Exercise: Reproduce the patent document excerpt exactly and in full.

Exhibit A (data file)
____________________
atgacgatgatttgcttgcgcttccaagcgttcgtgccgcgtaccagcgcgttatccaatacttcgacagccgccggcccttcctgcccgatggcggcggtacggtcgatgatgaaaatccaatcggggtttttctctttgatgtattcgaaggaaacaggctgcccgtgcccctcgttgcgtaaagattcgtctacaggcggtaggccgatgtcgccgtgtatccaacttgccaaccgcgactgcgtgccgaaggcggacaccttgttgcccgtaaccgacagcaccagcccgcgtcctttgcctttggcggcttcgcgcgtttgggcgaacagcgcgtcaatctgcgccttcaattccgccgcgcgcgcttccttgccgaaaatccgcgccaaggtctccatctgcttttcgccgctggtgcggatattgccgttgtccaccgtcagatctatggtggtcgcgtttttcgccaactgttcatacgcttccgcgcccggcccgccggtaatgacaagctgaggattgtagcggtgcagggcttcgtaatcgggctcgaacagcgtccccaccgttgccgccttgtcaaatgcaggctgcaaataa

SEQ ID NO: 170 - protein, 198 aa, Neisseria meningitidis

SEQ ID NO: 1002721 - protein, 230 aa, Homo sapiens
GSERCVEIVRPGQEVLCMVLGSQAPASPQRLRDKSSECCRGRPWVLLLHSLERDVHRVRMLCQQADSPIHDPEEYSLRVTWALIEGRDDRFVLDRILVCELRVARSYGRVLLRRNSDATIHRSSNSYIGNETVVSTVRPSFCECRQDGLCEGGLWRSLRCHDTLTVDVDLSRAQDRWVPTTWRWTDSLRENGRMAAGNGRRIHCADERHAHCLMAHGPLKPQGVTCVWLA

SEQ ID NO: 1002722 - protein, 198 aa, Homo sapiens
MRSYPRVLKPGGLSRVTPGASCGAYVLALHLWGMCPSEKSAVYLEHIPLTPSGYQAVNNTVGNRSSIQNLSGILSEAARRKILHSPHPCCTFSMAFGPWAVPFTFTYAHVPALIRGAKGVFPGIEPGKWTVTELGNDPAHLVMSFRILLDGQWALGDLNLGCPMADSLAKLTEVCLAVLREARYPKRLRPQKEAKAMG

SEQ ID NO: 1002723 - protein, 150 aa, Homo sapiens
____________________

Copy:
atgacgatgatttgcttgcgcttccaagcgttcgtgccgcgtaccagcgcgttatccaatacttcgacagccgccggcccttcctgcccgatggcggcggtacggtcgatgatgaaaatccaatcggggtttttctctttgatgtattcgaaggaaacaggctgcccgtgcccctcgttgcgtaaagattcgtctacaggcggtaggccgatgtcgccgtgtatccaacttgccaaccgcgactgcgtgccgaaggcggacaccttgttgcccgtaaccgacagcaccagcccgcgtcctttgcctttggcggcttcgcgcgtttgggcgaacagcgcgtcaatctgcgccttcaattccgccgcgcgcgcttccttgccgaaaatccgcgccaaggtctccatctgcttttcgccgctggtgcggatattgccgttgtccaccgtcagatctatggtggtcgcgtttttcgccaactgttcatacgcttccgcgcccggcccgccggtaatgacaagctgaggattgtagcggtgcagggcttcgtaatcgggctcgaacagcgtccccaccgttgccgccttgtcaaatgcaggctgcaaataa

SEQ ID NO: 170 - protein, 198 aa, Neisseria meningitidis

SEQ ID NO: 1002721 - protein, 230 aa, Homo sapiens
GSERCVEIVRPGQEVLCMVLGSQAPASPQRLRDKSSECCRGRPWVLLLHSLERDVHRVRMLCQQADSPIHDPEEYSLRVTWALIEGRDDRFVLDRILVCELRVARSYGRVLLRRNSDATIHRSSNSYIGNETVVSTVRPSFCECRQDGLCEGGLWRSLRCHDTLTVDVDLSRAQDRWVPTTWRWTDSLRENGRMAAGNGRRIHCADERHAHCLMAHGPLKPQGVTCVWLA

SEQ ID NO: 1002722 - protein, 198 aa, Homo sapiens
MRSYPRVLKPGGLSRVTPGASCGAYVLALHLWGMCPSEKSAVYLEHIPLTPSGYQAVNNTVGNRSSIQNLSGILSEAARRKILHSPHPCCTFSMAFGPWAVPFTFTYAHVPALIRGAKGVFPGIEPGKWTVTELGNDPAHLVMSFRILLDGQWALGDLNLGCPMADSLAKLTEVCLAVLREARYPKRLRPQKEAKAMG

SEQ ID NO: 1002723 - protein, 150 aa, Homo sapiens